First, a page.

In the wake of free-falling profits, Mattel is scrambling to make Barbie stay relevant in the 21st century and shake off its reputation of enforcing gender stereotypes.
In January, the company reported a 59 percent decrease in fourth-quarter profits, thanks in part to declining Barbie sales. Sales of the fashion doll have dropped in the past four years, down 16 percent in 2014.
But the company is back with a vengeance. In its latest ad for Moschino Barbie, a boy playing with dolls is featured for the first time in Barbie’s 56 years.
American drag queen and reality TV personality Pandora Boxx commented on the video, “This almost made me cry! I used to play with my sister’s Barbies and felt such shame afterward. I’m so glad we can just let kids be kids. Thank you for this! Boys like dolls too!”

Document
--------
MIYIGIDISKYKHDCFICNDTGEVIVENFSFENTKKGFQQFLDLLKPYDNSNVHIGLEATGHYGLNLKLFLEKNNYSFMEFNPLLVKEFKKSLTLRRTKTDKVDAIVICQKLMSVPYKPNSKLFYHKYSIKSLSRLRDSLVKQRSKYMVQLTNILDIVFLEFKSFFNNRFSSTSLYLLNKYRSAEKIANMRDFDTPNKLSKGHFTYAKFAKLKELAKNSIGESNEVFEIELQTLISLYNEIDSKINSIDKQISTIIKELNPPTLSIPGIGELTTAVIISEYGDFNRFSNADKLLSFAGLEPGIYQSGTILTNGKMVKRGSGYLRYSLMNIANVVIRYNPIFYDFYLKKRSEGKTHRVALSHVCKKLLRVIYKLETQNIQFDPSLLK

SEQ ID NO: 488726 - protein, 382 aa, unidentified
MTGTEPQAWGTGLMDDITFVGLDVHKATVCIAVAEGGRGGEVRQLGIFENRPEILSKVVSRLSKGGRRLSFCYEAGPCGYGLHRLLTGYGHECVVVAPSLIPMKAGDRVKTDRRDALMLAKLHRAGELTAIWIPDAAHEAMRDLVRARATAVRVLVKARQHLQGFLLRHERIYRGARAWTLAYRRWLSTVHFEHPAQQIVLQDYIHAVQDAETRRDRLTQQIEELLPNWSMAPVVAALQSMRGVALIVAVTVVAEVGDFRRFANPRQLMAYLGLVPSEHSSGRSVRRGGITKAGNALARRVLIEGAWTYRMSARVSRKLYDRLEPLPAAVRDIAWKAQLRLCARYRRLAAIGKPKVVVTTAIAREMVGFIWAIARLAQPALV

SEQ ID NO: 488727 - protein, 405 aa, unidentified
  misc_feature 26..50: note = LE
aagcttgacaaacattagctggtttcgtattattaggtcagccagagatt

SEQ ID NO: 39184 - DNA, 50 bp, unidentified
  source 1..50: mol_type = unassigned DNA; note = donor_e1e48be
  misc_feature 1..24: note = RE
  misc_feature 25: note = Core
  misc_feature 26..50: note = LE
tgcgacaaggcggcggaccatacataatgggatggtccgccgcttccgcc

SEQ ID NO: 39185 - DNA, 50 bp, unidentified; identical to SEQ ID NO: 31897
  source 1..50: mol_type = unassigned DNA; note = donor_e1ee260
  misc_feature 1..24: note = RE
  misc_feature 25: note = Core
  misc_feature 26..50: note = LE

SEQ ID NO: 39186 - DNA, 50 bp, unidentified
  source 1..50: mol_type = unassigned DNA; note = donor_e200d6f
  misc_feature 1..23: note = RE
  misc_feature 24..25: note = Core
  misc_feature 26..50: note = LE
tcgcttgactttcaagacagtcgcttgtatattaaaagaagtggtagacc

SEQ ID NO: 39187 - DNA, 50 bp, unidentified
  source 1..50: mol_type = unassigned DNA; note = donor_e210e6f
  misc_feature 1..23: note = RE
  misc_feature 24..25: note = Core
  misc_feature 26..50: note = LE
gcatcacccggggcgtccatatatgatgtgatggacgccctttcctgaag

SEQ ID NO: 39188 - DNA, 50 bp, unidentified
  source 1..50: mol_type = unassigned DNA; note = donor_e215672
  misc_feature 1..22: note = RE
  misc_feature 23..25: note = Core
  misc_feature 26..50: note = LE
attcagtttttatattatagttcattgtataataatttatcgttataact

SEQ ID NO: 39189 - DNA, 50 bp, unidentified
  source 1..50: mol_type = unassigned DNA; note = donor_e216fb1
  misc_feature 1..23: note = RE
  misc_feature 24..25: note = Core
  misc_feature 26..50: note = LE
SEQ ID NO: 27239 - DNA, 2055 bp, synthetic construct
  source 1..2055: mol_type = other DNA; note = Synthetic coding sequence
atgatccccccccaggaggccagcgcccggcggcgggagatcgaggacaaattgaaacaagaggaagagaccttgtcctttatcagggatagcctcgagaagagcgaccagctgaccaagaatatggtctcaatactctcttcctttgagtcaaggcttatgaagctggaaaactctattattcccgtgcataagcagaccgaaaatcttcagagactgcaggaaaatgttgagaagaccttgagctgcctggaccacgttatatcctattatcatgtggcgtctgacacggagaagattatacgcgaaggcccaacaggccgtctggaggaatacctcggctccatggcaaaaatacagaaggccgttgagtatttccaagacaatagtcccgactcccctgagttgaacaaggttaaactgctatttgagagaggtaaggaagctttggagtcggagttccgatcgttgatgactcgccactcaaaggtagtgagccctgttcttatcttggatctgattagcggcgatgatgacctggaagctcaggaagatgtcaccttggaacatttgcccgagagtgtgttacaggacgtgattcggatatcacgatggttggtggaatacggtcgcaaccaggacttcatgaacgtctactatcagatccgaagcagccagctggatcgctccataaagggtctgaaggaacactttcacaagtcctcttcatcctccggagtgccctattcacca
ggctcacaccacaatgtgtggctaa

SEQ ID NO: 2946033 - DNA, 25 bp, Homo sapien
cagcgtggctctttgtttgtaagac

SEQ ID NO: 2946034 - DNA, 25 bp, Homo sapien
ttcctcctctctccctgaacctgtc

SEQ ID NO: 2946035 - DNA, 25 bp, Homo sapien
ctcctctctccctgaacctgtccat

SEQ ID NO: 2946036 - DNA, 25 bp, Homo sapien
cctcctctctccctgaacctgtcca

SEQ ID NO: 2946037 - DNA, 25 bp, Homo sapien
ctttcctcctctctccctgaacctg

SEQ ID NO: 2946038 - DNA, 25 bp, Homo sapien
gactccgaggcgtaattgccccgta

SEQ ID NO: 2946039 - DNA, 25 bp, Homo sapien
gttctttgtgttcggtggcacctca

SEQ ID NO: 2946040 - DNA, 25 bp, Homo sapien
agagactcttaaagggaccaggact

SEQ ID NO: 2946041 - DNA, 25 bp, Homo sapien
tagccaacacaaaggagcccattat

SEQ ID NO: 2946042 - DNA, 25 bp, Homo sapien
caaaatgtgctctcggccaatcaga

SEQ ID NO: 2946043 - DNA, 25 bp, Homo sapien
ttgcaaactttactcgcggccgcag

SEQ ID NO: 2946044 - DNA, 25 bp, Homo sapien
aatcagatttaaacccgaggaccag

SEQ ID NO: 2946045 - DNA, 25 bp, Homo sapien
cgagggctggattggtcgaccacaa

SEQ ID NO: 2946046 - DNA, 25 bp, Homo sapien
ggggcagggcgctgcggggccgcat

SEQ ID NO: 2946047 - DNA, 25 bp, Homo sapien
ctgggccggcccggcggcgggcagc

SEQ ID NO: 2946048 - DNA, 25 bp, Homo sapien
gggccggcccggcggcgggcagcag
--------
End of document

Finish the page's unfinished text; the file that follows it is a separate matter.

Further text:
This follows other moves by Mattel this year to promote a more empowering message to its young audience.
It announced a new range of superhero dolls to be released in 2016 that weren’t scantily clad, or had unrealistic body measurements.
The women who designed them, Christine Kim, said athletes and gymnasts were the inspiration for the doll’s body types, after compiling months of feedback from young girls.
Mattel also previously dropped a new warm, fuzzy ad called Imagine The Possibilities. The ad asked viewers, “What happens when girls are free to imagine they can be anything?”
This is a vastly different direction the company is heading in compared to previous years. Previously, it was focused on making its dolls family-orientated and beauty-obsessed.
Check out Barbie’s first ever ad from 1959.
On a slightly related note, New Zealand TV show Funny Girls cleverly mocked this through a made-up board game, Career Girl.